Tomi Ahonen has been praised as the mobile industry’s number one influencer by no less than Forbes magazine. He’s written 12 books on the subject to date and has spoken at over 250 conferences around the world. His latest blog post is on a subject close to my heart , mobile payment systems.
Just to be clear, I’m not going to be drawing on Mr. Ahonen’s considerable expertise to bash Apple’s first foray into mobile payments—I expect that it will be quite successful here in North America, just as other systems that don’t require Apple products have found success in other parts of the world.
Here are two notable examples:
NFC Payments in Japan
Japan’s largest carrier/operator NTT DoCoMo introduced FeliCa branded Osaifu Keitai (mobile phone wallet) running on NFC literally ten years ago, in 2004. Today there are over 500,000 retail points where you can use FeliCa (or its plastic card based cousin, Suica—similar to Octopus and Oyster NFC payment plastic rechargable cards). Every Seven-Eleven, every McDonald’s, every petrol station, every train ticket machine, etc accepts FeliCa in Japan. The vast majority of handsets sold in Japan have had NFC chips on them, and the active user base has kept growing. The latest numbers I’ve seen are 36 million Osaifu Keitai users on NTT DoCoMo, 5 million more users on rival KDDI network’s Osaifu Keitai Au and yet another 4 million more on the third network, Softbank’s Osaifu Keitai. All use the same FeliCa compatible NFC technology so any retail cash machine has only to be upgraded once and all three network mobile wallets will be supported.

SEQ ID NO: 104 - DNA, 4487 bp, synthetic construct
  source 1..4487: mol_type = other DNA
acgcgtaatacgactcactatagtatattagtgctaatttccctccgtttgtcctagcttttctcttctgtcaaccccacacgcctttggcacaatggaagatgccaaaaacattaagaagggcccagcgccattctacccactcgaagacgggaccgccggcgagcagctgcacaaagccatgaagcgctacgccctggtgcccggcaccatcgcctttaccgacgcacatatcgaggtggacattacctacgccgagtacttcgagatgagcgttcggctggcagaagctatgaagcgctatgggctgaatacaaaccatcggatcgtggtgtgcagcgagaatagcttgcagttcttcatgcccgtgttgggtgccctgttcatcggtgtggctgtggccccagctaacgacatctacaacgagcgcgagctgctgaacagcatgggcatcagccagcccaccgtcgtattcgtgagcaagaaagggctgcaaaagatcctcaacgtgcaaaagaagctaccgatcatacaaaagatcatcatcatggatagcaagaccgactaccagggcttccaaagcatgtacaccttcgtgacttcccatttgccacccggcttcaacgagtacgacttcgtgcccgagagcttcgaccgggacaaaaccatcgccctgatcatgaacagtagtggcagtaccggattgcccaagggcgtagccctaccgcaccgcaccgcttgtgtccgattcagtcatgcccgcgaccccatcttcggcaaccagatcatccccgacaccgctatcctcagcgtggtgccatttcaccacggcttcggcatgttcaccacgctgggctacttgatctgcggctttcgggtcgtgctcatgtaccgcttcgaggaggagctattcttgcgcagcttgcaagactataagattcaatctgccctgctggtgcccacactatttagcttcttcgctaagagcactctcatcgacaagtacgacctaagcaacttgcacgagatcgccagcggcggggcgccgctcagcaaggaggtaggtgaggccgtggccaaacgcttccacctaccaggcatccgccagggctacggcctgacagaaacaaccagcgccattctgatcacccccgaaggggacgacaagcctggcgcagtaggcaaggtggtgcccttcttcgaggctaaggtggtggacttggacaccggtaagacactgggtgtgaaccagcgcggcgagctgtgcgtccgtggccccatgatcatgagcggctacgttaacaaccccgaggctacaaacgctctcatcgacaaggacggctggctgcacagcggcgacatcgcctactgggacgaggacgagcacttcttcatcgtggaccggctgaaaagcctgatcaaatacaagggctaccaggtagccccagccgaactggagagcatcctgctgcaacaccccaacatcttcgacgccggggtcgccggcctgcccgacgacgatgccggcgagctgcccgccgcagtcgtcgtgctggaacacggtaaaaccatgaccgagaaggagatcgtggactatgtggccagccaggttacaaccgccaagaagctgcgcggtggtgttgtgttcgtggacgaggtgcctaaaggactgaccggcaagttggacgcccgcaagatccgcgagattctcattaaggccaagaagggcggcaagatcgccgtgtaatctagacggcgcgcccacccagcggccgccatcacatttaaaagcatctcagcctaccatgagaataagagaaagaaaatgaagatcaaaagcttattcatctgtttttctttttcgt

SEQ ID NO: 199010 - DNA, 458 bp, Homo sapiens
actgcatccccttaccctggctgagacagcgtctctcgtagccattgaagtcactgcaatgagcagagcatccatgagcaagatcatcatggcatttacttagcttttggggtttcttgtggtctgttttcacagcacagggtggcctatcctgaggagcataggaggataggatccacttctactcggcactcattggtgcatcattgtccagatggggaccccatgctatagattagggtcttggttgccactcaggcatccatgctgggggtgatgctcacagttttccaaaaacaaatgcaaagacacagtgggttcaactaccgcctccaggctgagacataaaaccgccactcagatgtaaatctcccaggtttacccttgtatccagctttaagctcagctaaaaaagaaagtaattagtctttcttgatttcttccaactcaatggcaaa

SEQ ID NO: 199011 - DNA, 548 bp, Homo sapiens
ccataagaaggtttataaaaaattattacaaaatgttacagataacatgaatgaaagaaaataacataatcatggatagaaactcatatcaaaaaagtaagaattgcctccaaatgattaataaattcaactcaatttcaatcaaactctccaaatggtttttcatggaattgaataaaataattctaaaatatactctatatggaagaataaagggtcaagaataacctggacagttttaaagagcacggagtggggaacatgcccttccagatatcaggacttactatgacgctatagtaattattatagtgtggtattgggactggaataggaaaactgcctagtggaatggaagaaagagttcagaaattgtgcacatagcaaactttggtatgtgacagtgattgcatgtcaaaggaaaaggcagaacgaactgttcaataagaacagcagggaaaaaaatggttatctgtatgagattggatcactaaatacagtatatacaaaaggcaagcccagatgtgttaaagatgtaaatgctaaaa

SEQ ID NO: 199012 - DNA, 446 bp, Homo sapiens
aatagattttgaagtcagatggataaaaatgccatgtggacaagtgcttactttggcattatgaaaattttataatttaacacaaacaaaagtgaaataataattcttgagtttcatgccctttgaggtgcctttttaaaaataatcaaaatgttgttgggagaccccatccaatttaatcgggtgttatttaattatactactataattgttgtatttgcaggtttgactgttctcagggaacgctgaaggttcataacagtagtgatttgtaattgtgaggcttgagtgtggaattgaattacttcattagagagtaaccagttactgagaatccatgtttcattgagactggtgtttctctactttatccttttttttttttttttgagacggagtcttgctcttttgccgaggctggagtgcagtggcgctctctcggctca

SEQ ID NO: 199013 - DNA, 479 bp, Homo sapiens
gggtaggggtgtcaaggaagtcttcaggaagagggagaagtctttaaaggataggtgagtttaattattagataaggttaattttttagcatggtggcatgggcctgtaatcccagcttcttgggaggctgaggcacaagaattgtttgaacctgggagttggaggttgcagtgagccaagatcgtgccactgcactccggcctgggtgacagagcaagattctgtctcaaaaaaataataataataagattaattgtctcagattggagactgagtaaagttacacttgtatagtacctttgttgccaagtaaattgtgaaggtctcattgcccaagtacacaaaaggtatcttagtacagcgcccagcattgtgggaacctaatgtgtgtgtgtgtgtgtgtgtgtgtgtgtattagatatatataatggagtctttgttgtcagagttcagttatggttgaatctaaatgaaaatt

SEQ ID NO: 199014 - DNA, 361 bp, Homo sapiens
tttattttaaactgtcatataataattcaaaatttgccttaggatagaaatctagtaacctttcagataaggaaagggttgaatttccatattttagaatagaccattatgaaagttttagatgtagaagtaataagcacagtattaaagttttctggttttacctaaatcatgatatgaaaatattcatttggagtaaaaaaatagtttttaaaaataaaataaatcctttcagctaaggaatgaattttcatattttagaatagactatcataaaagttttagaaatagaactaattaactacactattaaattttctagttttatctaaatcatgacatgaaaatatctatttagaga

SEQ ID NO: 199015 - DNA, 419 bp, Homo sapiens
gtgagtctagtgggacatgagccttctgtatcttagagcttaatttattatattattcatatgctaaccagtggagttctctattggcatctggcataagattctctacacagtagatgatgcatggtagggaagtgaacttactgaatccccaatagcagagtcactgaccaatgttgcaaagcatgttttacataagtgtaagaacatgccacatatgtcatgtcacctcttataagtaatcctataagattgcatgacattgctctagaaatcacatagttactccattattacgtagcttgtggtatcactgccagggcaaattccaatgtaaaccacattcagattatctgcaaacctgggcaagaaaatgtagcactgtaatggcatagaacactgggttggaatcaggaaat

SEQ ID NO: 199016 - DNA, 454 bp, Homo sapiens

SMS Payments in Africa
M-Pesa was launched in 2007 by Safaricom, the Vodafone affiliate and Kenya’s largest mobile operator/carrier. Today Kenya has 7 mobile payments solutions, all primarily working on SMS and USSD with M-Pesa still the biggest. The nation has 26 million active mobile payment accounts according to the Central Bank of Kenya.
That’s not the big number. The mobile payments revenue volume is the staggering number. Kenya’s GDP is 44 Billion USD in 2013. And how much was the value of payments that was processed through mobile? The Central Bank of Kenya reported that it was 22.4 Billion dollars last year. Kenya’s economy has now passed the halfway point, where 51% of the economic value of the nation’s output transits mobile phone accounts. And many African countries follow in close lock-step. Zimbabwe is already at 43%. 10 other African countries have passed the level of 25% of the population already using mobile payments. And in Africa this will inevitably be SMS and USSD based systems. Salaries paid by mobile, taxes paid by mobile, school fees, mortgages, car payments paid by mobile.
Apple Pay in Canada
And now, for some Canadian perspective, here’s Jeff Martin, Vice-President and CIO of Direct Channels Technology Solutions at TD Group:
(Apple Pay is) at least a year away from coming here… There are a lot of regulatory things they will have to work out.